Ahead of each UFC battle card, Jay Primetown of all MMA Oddsbreaker have a look at some of the key contests at each event. In the latest installment, we consider the primary event of UFC 220 as Stipe Miocic defends his heavyweight championship against Francis Ngannou. This can be Francis Ngannou’s initial major event and first time fighting for the UFC heavyweight championship, despite this, he is still the betting favorite.
Stipe Miocic (Record: 17-2, +165 Underdog, Power Ranking: A+)
The 35-year-old life Ohio native has been on a tear, winning his last five fights as a decision loss to Junior dos Santos in 2014. He enters Saturday’s title fight on the rear of a knockout victory over dos Santos in their rematch in May 2017. In case Miocic beats dos Santos, he’ll break the record for consecutive title defenses at heavyweight with three.
Miocic is one of the most well-rounded athletes in the heavyweight division. In addition to wrestling, he also played baseball in school, even drawing attention from some Major League Baseball teams. In regards to MMA, he has an amateur boxing history competing in the Golden Gloves competition. Miocic is a fantastic striker having solid hands and operates an extremely large rate to get a heavyweight landing a whopping 5.15 significant strikes a minute. In contrast, he’s only absorbing 3.30 significant strikes per second with 61 percent defense that is striking.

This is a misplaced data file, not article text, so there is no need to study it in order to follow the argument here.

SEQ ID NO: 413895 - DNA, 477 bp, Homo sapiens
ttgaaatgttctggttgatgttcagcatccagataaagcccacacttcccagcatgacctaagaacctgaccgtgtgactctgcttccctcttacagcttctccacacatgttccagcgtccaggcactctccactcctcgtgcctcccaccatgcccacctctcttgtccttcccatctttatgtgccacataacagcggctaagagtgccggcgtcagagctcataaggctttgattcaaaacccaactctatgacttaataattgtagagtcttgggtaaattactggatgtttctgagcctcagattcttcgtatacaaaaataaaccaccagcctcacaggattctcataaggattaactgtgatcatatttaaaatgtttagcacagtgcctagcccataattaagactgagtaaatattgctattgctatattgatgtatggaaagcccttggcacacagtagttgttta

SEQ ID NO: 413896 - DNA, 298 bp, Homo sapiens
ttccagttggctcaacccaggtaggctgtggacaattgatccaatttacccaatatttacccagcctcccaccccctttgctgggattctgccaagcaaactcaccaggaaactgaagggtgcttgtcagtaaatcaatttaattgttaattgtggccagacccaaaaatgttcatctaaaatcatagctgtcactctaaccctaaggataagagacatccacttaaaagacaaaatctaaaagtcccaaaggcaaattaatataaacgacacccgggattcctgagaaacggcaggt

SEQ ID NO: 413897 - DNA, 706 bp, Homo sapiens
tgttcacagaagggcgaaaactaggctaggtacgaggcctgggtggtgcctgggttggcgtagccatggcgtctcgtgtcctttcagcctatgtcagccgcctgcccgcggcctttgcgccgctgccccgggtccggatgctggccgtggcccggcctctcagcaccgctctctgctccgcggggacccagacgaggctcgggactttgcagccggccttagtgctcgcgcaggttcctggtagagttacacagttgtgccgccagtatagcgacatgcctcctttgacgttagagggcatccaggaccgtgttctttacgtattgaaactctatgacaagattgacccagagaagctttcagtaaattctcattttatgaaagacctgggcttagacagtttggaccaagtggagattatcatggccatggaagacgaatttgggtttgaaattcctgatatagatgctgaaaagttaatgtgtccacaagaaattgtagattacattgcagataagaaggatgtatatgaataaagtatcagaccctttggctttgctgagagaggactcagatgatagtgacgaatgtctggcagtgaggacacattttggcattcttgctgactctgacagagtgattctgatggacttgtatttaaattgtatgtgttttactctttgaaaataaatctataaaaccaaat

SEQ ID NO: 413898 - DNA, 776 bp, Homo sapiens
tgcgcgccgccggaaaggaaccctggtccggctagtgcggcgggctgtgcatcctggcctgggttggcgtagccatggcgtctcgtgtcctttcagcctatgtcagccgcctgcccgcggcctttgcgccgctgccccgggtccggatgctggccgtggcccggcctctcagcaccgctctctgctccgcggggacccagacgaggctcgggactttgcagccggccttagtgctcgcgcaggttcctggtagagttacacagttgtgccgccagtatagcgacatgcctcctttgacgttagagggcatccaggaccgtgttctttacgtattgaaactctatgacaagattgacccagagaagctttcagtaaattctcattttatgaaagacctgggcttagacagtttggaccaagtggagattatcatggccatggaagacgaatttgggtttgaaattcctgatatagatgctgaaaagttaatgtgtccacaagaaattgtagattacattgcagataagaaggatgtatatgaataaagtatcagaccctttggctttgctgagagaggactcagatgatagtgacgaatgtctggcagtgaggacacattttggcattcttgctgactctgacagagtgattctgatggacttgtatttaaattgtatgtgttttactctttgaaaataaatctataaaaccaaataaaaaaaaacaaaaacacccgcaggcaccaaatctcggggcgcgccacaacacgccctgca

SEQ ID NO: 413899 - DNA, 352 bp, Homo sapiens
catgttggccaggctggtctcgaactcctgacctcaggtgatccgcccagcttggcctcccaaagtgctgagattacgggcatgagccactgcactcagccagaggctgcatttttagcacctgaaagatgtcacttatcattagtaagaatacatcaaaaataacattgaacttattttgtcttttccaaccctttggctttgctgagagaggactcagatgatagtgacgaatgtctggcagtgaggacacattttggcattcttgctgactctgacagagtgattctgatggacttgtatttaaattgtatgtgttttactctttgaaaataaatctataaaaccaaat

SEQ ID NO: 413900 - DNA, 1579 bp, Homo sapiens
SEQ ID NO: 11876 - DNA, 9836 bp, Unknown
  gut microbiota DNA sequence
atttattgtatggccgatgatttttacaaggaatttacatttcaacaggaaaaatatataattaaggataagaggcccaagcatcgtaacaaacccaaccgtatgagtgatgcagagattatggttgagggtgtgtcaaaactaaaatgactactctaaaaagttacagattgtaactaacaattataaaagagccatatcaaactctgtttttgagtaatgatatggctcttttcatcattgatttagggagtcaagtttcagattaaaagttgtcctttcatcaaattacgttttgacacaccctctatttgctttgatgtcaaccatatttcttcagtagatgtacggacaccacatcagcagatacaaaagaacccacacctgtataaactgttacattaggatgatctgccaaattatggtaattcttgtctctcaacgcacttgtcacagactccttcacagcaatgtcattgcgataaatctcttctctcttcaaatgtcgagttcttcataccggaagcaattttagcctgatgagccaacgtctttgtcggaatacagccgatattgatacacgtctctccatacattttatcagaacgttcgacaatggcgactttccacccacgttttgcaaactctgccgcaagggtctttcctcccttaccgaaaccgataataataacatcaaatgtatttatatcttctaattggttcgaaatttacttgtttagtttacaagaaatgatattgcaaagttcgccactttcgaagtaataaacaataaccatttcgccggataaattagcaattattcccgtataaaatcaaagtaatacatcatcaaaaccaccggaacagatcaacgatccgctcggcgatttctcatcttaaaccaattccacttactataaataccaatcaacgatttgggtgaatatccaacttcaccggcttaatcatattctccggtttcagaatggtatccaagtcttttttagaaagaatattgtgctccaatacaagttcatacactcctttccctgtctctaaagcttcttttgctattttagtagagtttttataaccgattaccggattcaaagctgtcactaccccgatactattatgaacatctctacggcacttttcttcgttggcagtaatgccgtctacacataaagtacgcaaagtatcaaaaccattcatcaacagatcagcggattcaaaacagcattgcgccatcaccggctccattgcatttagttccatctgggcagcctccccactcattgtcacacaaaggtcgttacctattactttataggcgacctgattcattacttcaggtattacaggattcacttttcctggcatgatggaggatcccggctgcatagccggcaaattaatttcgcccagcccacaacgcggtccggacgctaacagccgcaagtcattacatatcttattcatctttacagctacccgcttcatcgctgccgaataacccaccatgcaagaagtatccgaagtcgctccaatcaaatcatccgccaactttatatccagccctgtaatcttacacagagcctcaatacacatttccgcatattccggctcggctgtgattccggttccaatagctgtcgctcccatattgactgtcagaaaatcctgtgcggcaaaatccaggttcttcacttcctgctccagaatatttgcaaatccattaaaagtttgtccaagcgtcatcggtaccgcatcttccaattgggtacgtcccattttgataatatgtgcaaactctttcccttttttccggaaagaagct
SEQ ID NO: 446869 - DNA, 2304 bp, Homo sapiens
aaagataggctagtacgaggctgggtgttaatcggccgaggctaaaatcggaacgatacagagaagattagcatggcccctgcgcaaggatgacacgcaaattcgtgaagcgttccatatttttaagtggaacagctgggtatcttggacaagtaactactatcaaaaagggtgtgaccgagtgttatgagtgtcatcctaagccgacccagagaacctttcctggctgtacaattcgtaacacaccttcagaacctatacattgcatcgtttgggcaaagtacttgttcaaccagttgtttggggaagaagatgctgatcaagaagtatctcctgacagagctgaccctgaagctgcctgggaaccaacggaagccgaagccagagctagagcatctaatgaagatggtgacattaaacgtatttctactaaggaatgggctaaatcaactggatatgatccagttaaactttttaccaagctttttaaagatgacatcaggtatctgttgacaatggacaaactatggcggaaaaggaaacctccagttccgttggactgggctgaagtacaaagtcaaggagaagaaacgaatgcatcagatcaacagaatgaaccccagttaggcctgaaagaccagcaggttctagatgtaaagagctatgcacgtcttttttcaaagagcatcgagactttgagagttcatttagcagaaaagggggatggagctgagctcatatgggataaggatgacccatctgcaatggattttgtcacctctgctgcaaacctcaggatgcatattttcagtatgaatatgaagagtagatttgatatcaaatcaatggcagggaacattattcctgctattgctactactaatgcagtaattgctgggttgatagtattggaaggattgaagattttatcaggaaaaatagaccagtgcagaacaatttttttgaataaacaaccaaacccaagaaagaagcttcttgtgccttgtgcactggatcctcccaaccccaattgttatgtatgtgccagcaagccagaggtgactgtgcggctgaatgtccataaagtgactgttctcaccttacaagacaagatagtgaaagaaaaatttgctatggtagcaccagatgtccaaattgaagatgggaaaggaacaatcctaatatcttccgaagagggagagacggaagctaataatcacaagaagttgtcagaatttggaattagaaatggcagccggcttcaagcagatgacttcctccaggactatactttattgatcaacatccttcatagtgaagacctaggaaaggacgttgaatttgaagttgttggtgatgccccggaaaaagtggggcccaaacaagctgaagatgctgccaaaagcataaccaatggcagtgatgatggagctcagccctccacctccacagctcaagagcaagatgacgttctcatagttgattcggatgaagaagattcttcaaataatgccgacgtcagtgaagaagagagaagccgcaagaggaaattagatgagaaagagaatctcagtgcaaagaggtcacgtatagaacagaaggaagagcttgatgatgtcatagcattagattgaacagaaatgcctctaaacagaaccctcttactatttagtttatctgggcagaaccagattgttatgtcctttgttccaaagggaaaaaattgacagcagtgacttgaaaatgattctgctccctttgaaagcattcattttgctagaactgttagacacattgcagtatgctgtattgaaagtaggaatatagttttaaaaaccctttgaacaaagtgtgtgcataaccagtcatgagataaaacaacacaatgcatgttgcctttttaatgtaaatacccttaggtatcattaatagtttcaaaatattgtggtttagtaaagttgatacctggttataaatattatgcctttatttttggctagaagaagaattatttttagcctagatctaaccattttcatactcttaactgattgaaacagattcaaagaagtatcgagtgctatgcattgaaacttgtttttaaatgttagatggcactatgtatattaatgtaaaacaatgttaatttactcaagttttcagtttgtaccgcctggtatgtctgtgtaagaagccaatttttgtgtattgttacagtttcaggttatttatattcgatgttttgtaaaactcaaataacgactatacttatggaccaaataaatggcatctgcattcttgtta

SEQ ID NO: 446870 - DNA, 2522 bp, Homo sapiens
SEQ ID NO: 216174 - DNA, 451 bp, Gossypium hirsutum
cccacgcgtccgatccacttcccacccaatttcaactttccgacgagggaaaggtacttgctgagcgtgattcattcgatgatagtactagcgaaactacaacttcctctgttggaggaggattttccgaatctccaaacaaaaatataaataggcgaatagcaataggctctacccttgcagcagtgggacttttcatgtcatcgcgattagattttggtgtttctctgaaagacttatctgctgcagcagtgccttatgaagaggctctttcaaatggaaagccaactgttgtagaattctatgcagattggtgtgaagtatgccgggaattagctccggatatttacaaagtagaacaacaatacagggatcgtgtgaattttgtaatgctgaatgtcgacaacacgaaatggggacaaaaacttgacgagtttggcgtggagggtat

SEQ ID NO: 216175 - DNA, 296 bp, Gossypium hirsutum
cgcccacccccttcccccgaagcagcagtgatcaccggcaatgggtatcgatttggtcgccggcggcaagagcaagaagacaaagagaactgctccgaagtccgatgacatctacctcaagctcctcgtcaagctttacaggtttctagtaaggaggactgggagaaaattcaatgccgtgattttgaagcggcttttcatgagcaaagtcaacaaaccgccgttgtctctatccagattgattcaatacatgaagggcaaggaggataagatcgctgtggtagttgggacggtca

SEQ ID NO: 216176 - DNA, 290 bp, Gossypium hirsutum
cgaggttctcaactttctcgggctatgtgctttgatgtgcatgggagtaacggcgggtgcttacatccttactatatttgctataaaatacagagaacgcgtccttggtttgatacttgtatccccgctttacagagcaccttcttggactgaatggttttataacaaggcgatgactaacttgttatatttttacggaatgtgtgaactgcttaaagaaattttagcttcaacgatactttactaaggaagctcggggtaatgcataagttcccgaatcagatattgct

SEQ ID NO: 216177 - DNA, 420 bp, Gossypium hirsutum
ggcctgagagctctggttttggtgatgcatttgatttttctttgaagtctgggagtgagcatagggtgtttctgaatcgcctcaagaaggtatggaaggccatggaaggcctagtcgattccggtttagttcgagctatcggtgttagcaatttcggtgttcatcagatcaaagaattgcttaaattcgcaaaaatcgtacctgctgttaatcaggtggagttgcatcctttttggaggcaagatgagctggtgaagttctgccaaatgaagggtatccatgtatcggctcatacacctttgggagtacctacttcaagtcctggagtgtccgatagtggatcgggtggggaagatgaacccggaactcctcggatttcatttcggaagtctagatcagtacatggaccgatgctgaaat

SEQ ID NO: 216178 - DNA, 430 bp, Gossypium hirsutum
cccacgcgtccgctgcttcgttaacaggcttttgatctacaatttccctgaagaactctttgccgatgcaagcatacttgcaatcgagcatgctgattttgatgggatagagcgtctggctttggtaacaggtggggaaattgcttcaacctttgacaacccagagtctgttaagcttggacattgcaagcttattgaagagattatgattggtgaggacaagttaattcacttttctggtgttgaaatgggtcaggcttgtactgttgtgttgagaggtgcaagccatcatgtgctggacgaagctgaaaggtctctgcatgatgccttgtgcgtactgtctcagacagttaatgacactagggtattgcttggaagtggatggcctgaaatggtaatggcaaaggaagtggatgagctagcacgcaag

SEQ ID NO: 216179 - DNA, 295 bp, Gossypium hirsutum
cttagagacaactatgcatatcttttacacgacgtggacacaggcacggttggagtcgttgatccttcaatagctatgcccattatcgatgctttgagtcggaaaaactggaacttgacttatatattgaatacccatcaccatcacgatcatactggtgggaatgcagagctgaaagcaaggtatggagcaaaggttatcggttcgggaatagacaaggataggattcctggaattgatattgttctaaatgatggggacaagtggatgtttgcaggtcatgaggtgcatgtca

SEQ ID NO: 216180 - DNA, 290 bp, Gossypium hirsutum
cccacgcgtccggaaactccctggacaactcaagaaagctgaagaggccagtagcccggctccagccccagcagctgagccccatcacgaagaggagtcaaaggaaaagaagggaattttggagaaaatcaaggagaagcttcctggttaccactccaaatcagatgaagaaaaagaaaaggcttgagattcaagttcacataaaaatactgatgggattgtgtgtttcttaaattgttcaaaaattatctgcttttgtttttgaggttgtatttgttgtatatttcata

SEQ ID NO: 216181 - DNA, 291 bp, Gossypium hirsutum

Miocic combines his striking wrestling scoring over two takedowns every 15 minutes within the octagon. Miocic isn’t the branch’s hardest puncher, but he moves very well and has proven an ability to avoid taking much harm. Miocic has a solid motor complete and can even work an adequate speed late in fights. On the side, opponents can hurt him. He was amazed by Overeem only a few bouts ago, so that’s something to watch for moving forward.
Francis Ngannou (Record: 11-1, -175 Favorite, Power Ranking: A+)
On a six fight winning streak to start his UFC career, Francis Ngannou has quickly risen to be a true danger to Stipe Miocic’s crown. He has completed all six of his UFC opponents with his last four successes all coming within the opening two minutes of those bouts.
The Cameroon born heavyweight began training in boxing in his native Cameroon before proceeding to France at the age of 22. He was homeless for a time period, residing in the streets of Paris as he picked up odd jobs here and there before he joined up in MMA Factory and turned to a fighter. He started fighting professionally in 2013 and never return.
The 6’4″ heavyweight has one of the longest reaches MMA in 83″ inches. His output is small for a heavyweight at 3.41 significant strikes per minute. He’s got substantial power in his hands (seven career knockouts), but he is not a fighter that appears to brawl. He’s fairly patient timing his chances. He will go for it when he senses a finish.
From an athletic standpoint, he is about as good as there is at the UFC. He’s muscular, exceptionally strong, and nimble. He is a fighter which can do things that other fighters cannot do inside the Octagon. The majority of his endings have come early in conflicts; Ngannou hasn’t yet been pushed yet so it is a complete unknown what kind of pace he’d struggle at if pressed into the tournament rounds. His takedown defense is decent, but it’s not elite therefore he can be carried down to the mat by wrestling concentrated fighters.
On the toes, his chin has seldom been analyzed. His striking defense is excellent absorbing only 1.46 significant strikes per minute with 60percent striking defense. He was staggered by Curtis Blaydes in his second UFC struggle, but recovered fast and ended up winning by doctor stoppage. That is the only time he’s been contested. Perhaps that was a moment of weakness or even a fluke. Until he is tested again, it will be hard to tell how he copes with adversity.

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